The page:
To allow large equipment modules to be hung below and behind the primary hull, the secondary hull, which was usually in this location, was attached directly to the top and rear of the primary hull. The secondary hull continued forward as a long dorsal spine nearly to the front of the primary hull. The shuttlebay, which was smaller than that on GAGARIN thanks to the recent introduction of cargo-rated matter transporters, opened dorsally and was located in the dorsal spine forward of the impulse deck. The newly developed compact SSWR-VI M/AM reactor was placed horizontally in the far rear of the secondary hull. The warp nacelles, twin Energomash Cyclone units, were outboard of the warp core on 22-m-long horizontal supports. Although the warp core was not ejectable, owing to space and weight limitations, the AM bottles were.
The lead ship of the class, USS PARIS, NCC-882, joined Starfleet in 2196 and was immediately assigned to colonial duty in the Rigel sector. Although the anti-colonization faction in the Federation Council was predictably outraged, it could do little more than swear retribution as Starfleet Command retained near complete independence with regards to ship deployment. In addition to colonial defense duties, PARIS class ships would later join task forces centered around LANCASTER heavy cruisers or SWORDFISH carriers. Starfleet doctrine in the early 23rd century was based largely on the experiences of the Earth-Romulan War and aimed to concentrate large numbers of ships to engage enemy fleets in decisive combat. The fast, stealthy PARIS-class ships were assigned to provide reconnaissance and defend task forces against enemy scouts and other small craft. The new SSWR-VI reactor allowed PARIS to easily keep pace with LANCASTERs moving at flank speed.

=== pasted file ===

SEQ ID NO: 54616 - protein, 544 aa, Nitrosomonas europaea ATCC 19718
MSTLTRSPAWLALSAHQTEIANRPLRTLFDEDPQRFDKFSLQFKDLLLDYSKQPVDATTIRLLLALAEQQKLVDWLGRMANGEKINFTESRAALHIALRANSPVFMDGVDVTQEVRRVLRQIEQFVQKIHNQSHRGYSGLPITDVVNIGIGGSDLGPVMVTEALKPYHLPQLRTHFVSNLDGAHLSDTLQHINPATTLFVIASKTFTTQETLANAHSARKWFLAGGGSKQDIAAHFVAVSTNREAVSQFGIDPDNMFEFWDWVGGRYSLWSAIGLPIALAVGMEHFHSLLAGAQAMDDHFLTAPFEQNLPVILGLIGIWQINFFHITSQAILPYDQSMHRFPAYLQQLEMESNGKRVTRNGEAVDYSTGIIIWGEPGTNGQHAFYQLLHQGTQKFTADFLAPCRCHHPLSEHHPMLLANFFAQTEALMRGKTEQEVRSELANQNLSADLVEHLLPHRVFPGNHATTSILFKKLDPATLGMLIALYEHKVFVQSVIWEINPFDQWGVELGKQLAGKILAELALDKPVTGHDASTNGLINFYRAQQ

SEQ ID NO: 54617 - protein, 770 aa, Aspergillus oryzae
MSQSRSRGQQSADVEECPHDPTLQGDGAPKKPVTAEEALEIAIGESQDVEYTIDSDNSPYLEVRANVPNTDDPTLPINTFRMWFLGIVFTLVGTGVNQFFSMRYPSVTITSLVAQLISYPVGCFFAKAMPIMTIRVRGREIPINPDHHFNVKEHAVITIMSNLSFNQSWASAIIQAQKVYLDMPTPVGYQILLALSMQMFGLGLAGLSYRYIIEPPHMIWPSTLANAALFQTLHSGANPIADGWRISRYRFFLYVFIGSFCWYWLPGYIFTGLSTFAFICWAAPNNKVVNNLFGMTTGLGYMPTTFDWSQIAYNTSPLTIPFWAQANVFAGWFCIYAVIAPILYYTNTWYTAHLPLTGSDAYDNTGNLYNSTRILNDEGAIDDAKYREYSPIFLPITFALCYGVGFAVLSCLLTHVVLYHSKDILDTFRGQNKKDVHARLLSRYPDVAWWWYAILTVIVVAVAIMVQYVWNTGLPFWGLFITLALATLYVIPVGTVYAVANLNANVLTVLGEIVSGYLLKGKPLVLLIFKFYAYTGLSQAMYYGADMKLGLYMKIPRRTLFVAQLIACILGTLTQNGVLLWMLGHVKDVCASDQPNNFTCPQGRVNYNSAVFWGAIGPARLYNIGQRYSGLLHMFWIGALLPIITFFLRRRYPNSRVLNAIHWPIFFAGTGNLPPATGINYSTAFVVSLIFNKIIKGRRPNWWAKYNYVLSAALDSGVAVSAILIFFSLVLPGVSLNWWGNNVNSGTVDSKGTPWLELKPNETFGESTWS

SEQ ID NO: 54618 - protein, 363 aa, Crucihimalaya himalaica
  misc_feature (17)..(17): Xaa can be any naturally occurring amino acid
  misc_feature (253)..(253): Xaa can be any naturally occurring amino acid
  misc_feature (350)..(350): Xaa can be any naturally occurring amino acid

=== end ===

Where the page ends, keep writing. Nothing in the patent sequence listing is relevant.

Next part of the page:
Although the PARIS class's suggested usefulness for scientific duties was intended to mask its intended military duties, PARIS class ships did prove extremely useful in a variety of peaceful roles. Their ability to carry many different types of equipment, both military and scientific, meant that PARISs were always in great demand. In their early years of colonial service, PARIS-class ships typically carried large, dual laser- or phaser-cannon pods on their lateral wings to compensate for their relatively weak standard weaponry. The cannons were either powered by the ship's fusion reactor or, more typically, by replaceable in-pod M/AM fuel cells similar to those carried by Starfleet fighter craft before 2230. The centerline hardpoint could be used for a wide variety of bulky equipment, including larger cannons; launchers for missiles, photon torpedoes, or sensor drones; bays for fighter and shuttle operations or transport; specialized long-range active and passive sensors; electronic countermeasure pods; sample-collection chambers; tractor-beam generators; long-range subspace radio transmitters; fuels; auxiliary reactors; and personnel or cargo transport containers.
Before its retirement from frontline service in the early 2230s, the PARIS class witnessed many changes in the role of Starfleet. After the death of Ambassador Skon in 2208, active resistance to a stronger Starfleet crumbled owing to popular support for colonization and increased attacks on Federation colonies by the Kzinti, the Klingons, and other powers. As the pacifists had feared, Starfleet grew stronger and supported the imperialist tendencies of the age. PARIS-class ships participated in most fleet actions in those years, accompanying LANCASTER heavy cruisers or SWORDFISH carriers. When Starfleet doctrine changed to a peripheral basing system with the Command Directive of 2221, PARIS-class ships adapted easily to their expanded roles in the new defensive scheme. However, by the late-2220s, even the famous adaptability of the PARIS class was reaching its limits as more powerful equipment was needed to deal with the new alien threats. Luckily, KESTREL-class light cruisers had entered the fleet in large numbers by this time, allowing PARIS-class ships to assume secondary roles. The last PARIS class cruiser withdrawn from service was USS PORT LOWELL (NCC-920), which was retired in 2261
USS DAMASCUS (NCC-910), a participant in actions at Garner 441, Bisei-Shinnihon G, and Lisyk VIII, is on display at the Starfleet Museum.
NEW YORK NCC-892
RIO DE JANEIRO NCC-899
SAO PAULO NCC-901
DAR ES SALAAM NCC-905
TYCHO CITY NCC-919
PORT LOWELL NCC-920
Standard displacement: 30,100 mt
|Overall||1° Hull||2° Hull||Nacelles|
Complement: 93 (15 officers + 78 crew)
Weapons: 4 laser turrets, 1 projectile tube
Embarked craft: 3 transatmospheric shuttlecraft
Velocity: Warp 4.3, standard; Warp 5.7, maximum